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Some top bowlers open their shoulders strongly during the backswing. Credit a good hip-pivot.

"IT'S ALL in the swing." "Good footwork sets up the rest of your game." "Groove your swing, and many strikes you'll string." "You dance with your feet...bowling is no different!"
As you can probably tell from this collection of bowling platitudes, there is strong argument among many top instructors over which is more important, the swing or footwork. Understandably, then, these two subjects generate the most attention in any instructional format. Nevertheless, other body-related factors come into play in the shot-making process, and they too must be given due consideration. Let's discuss one of them, aligning the shoulders.

Many bowlers have improved their game tremendously by adjusting the movements and positioning of their shoulders. On the other hand, many have realized poor results when "tampering" with their shoulder movements unnecessarily, or in the wrong manner. Therefore, all of us should be alert to the critical role played by the shoulders in proper bowling execution. If the shoulders are not properly aligned, the chance of a successful shot is greatly reduced.

In the stance, the shoulders start out squared to the target in a level position. As the approach begins, the bowling shoulder will drop to some degree (as might be expected when one arm controls the weight of the bowling ball), and the bowling shoulder will open to some degree, thus trailing the opposite shoulder throughout the backswing.

Basically, in the shot process, the bowling shoulder reacts in two ways... it opens slightly in the backswing, or it opens dramatically in the backswing before moving back to a squared position throughout the downswing.

Technically, an instructor is prone to advocate the more standard procedure, which is allowing the shoulders to open only slightly throughout the backswing. And, in fact, those who do open the bowling shoulder imperceptively (perhaps 10 degrees) constitute the majority of players, and are credited with "playing by the book."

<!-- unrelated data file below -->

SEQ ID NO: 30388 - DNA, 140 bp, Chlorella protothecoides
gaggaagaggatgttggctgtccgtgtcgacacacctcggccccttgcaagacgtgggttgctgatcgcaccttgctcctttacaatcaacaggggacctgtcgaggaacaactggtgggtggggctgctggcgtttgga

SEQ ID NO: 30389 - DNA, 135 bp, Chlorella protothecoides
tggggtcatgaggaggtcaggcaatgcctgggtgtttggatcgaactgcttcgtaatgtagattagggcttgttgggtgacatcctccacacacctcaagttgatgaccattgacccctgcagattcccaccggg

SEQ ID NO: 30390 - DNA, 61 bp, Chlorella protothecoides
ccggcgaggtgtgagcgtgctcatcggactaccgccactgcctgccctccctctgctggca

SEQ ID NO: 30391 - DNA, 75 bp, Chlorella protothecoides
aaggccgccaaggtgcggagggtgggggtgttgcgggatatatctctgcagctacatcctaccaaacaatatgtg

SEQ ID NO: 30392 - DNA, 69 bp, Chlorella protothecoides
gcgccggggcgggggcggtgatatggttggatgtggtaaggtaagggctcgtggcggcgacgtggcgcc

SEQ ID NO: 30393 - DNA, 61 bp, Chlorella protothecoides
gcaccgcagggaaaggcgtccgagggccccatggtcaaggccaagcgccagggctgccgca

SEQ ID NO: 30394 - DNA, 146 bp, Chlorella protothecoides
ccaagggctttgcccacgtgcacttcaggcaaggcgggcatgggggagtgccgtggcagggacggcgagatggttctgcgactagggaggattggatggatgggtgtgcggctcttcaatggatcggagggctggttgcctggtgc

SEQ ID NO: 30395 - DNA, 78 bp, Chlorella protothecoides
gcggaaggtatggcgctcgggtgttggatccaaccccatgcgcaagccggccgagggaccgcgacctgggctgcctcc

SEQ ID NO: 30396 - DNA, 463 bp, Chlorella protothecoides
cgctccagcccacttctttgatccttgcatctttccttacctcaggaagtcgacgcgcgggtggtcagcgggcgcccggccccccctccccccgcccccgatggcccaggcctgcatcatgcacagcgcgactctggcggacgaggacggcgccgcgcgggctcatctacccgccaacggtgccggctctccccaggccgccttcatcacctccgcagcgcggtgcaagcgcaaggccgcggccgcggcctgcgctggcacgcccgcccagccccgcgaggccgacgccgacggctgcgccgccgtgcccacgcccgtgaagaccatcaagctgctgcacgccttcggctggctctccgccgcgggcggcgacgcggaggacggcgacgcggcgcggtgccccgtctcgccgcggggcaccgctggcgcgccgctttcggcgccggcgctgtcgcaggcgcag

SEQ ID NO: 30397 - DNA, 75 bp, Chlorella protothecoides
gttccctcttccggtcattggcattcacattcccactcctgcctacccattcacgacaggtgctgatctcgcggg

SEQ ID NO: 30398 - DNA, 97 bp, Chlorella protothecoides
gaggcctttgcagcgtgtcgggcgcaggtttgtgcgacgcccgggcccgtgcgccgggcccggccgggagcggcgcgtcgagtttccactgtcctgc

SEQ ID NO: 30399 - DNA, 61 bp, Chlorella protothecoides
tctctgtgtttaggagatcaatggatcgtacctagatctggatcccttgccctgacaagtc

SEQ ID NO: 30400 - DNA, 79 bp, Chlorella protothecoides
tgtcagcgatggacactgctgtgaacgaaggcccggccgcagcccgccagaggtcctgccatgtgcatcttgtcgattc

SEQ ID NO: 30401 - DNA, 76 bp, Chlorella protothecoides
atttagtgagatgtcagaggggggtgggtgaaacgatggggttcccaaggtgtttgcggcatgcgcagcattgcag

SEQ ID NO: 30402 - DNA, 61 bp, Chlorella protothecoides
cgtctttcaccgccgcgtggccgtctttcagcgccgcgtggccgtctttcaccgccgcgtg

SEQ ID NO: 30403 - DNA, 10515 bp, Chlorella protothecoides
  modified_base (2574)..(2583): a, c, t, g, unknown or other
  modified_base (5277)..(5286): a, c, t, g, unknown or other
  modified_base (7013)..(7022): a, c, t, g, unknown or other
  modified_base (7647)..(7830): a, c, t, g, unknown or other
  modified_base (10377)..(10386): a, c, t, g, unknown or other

On the other hand, some outstanding bowlers open their bowling shoulder strongly during the backswing, then close it back to its original alignment (in the stance) at some point previous to the release. Witness Pete Weber and Nikki Gianulias, for example. This practice is known as "hip pivoting."

Aside from keeping the shoulders relatively squared to the target throughout the approach, these bowlers successfully pivot from the hip to open the shoulders strongly in the backswing, before hip-pivoting back strongly in the downswing to again square their shoulders to the target.

One of the advantages of a well-executed hip-pivot and shoulder turn is that it appreciably increases the ability of the bowling shoulder to move into the shot, thereby providing more impetus and strength to the release, which, in turn, results in a stronger ball roll.

Also, one must realize that a number of bowlers, because of strength and other physiological factors, find it difficult to demonstrate an optimum swing and release when attempting to keep the shoulders relatively squared to the target throughout the approach. For these reasons, an instructor's insistence on the exclusive use of this technique would not serve all students well. Yet, caution must be exercised when using the hip-pivoting method. Keep in mind that however far the hips are allowed to pivot, the shoulders must return to a squared position at the point of delivery. Opening the shoulders to facilitate
the swing and leaving them open to any degree at the point of release most often leads to pulling the downswing and follow-through across the body.

In recent years, one school of thought contends that allowing the shoulders to remain open at the point of release - thus requiring the bowling arm to move toward the center of the body at the release point - is the natural way to bowl. Though most agree that it is, indeed, the natural way to bowl, it is, nevertheless, the incorrect way.

Among other things, allowing the arm to move inward during the release and follow-through sacrifices an appreciable degree of accuracy that is afforded by a 90-degree release (the ideal relationship between the line from one shoulder to the other, and the line between the bowling shoulder and the extended arm and hand in the follow-through), while, at the same time, lessening the overall action of the ball by limiting the ability of the hand to move strongly through the ball. I would point out that this is one of the
prime reasons why bowling is referred to as an "unnatural sport."

Admittedly, the relatively recent introductions of dressing patterns (oil displacement) and highly sophisticated bowling balls have "clouded" the issue. To be sure, certain lane conditions and equipment can abort the requirement of a 90-degree release, by allowing a weakly-released shot to garner a once-unattainable strike.

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